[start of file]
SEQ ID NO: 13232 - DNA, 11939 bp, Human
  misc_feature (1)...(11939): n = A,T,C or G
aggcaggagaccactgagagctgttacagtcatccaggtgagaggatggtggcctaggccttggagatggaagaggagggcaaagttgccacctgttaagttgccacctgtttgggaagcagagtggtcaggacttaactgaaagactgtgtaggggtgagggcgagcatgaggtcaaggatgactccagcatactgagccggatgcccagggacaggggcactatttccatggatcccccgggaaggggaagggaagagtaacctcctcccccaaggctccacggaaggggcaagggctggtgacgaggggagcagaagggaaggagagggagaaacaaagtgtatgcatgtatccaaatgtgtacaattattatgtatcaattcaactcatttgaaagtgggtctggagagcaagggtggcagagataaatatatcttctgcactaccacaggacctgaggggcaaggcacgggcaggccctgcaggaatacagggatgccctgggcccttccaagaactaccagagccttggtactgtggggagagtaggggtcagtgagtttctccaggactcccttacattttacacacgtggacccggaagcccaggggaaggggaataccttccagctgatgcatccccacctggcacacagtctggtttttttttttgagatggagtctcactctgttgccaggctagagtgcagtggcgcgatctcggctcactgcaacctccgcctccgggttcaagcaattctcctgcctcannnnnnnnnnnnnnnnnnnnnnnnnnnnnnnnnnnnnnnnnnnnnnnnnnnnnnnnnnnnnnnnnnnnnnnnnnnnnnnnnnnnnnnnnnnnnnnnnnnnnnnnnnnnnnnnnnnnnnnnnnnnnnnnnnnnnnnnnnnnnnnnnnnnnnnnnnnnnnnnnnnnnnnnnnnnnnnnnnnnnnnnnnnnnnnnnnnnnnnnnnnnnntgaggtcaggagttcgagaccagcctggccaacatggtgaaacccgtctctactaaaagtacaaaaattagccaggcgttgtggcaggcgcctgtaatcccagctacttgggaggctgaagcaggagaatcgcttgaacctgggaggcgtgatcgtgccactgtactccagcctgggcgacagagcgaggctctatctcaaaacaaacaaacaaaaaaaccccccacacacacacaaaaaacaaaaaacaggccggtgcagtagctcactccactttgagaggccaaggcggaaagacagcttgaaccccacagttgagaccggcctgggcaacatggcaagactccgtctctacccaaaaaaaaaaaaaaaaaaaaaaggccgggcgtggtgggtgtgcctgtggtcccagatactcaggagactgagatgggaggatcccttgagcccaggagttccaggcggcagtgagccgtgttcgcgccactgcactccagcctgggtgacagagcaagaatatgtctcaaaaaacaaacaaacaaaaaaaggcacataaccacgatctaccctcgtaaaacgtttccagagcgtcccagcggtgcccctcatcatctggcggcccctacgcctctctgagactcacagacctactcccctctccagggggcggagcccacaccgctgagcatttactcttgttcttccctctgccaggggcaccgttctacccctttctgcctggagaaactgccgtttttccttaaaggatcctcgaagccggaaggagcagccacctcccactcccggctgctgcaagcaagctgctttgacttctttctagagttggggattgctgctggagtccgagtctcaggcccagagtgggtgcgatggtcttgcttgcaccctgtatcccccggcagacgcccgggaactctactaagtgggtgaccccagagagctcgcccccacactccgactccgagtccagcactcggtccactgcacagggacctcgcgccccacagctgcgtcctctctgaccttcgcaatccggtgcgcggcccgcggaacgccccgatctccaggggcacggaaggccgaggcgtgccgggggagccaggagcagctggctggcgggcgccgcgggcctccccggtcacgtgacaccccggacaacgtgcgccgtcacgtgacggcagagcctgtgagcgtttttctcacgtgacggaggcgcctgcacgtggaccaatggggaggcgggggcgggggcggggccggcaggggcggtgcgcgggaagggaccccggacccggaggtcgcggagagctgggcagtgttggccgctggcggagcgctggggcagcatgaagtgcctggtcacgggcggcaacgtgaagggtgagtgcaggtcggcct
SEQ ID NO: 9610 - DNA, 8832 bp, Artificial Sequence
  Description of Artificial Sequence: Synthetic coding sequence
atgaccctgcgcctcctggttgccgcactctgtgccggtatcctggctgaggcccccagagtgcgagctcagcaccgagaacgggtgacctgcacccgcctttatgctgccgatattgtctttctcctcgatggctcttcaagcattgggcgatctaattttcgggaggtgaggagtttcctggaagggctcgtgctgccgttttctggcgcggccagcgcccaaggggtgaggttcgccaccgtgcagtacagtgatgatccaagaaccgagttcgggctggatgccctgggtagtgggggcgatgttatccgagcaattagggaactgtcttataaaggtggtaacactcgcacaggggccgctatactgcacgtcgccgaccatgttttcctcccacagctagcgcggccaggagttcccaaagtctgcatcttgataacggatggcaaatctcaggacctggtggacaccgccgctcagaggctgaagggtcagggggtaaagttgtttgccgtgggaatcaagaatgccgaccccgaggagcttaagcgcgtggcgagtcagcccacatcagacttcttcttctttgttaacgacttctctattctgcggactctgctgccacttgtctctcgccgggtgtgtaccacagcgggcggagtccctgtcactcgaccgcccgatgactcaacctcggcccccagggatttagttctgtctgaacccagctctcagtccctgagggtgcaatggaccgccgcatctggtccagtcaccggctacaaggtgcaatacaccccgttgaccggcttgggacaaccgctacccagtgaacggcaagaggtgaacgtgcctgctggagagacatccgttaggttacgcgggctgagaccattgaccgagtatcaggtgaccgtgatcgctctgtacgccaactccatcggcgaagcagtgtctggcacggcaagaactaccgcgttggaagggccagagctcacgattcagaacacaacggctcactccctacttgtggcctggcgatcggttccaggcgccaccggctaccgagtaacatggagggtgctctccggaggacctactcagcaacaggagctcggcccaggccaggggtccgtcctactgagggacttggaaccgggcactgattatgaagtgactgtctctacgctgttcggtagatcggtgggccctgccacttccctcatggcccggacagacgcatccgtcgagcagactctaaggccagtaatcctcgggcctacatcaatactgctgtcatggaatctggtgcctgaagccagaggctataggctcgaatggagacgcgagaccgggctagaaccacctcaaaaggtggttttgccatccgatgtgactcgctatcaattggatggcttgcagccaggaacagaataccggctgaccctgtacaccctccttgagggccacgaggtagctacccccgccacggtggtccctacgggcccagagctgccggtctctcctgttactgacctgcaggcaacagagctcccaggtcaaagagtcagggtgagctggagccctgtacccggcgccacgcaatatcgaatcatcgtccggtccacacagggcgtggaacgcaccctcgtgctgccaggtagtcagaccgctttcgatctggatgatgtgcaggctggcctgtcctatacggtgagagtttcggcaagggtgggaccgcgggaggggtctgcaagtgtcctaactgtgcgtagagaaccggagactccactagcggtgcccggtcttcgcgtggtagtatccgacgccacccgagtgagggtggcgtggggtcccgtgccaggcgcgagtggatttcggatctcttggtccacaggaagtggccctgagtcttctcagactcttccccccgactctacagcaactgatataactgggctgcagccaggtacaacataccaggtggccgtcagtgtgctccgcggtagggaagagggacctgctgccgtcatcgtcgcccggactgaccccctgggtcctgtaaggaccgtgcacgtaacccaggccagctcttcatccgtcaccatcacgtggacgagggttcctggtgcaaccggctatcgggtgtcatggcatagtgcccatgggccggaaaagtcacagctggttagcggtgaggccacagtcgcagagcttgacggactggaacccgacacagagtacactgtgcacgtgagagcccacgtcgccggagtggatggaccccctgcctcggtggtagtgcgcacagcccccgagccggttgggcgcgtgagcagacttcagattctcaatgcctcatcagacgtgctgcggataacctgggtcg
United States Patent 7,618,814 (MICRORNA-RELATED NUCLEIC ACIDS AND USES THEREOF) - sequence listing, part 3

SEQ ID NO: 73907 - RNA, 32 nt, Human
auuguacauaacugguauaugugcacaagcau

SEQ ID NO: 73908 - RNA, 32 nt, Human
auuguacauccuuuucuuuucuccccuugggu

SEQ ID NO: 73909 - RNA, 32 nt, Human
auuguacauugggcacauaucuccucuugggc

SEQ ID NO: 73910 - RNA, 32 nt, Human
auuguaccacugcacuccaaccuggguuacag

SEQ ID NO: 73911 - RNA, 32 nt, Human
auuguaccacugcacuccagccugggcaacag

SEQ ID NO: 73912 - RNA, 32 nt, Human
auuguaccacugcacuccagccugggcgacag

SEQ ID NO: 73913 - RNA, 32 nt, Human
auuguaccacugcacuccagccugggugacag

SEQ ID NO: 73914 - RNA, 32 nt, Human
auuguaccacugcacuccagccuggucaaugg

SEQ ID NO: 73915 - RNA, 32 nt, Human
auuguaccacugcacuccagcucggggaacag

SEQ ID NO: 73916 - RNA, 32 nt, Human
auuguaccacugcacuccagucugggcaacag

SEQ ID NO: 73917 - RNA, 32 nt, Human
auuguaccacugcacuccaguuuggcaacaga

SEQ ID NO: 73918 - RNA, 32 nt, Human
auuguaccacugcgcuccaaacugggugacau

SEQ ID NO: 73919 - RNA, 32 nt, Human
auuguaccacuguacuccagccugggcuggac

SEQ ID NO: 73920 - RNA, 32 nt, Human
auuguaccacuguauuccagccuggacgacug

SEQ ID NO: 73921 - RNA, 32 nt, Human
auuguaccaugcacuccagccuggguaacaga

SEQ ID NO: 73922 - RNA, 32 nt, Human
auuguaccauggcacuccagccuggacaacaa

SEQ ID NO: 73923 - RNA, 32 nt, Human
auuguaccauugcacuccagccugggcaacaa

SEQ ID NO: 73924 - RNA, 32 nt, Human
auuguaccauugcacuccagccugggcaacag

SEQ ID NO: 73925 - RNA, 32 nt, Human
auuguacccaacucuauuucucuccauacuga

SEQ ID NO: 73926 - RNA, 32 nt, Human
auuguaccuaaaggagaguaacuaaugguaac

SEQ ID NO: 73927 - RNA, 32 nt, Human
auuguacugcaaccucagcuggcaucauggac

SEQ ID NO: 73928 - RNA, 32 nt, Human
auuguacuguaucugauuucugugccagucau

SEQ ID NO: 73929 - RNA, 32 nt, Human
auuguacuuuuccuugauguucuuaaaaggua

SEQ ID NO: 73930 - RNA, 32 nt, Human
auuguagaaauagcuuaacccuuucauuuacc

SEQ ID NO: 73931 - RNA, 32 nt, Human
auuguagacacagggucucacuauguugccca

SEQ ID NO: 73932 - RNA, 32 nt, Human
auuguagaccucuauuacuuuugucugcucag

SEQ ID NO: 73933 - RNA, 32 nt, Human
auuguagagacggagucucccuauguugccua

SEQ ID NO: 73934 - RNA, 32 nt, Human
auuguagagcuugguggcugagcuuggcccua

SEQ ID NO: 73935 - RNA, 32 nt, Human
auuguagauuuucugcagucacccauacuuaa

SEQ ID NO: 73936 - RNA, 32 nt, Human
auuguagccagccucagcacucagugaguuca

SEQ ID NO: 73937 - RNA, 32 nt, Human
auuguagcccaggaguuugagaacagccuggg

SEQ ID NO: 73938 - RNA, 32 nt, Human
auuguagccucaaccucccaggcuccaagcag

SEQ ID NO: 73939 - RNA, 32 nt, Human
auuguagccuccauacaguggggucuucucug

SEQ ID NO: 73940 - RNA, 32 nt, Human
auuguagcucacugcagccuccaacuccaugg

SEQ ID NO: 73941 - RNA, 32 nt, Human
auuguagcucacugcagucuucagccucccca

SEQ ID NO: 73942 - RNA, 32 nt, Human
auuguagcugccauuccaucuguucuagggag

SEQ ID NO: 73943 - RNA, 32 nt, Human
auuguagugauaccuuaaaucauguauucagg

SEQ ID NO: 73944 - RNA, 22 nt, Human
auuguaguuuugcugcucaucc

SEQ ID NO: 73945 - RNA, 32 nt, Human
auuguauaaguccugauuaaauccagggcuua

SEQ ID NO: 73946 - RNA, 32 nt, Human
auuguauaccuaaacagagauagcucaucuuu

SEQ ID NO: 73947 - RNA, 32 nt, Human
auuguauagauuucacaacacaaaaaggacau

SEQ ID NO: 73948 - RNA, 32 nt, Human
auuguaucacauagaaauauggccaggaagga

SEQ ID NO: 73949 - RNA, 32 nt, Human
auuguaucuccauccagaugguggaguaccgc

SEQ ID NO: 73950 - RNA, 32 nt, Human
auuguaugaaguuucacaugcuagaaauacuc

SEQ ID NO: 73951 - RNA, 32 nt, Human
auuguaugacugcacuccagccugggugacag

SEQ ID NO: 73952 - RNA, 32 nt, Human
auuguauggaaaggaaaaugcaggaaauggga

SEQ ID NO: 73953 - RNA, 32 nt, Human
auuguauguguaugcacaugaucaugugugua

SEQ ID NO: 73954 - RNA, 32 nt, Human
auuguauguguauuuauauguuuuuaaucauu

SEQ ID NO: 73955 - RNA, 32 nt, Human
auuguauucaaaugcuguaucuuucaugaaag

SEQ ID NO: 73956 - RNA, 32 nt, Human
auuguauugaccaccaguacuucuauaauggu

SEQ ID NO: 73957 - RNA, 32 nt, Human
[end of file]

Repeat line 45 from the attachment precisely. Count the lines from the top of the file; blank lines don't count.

auuguacccaacucuauuucucuccauacuga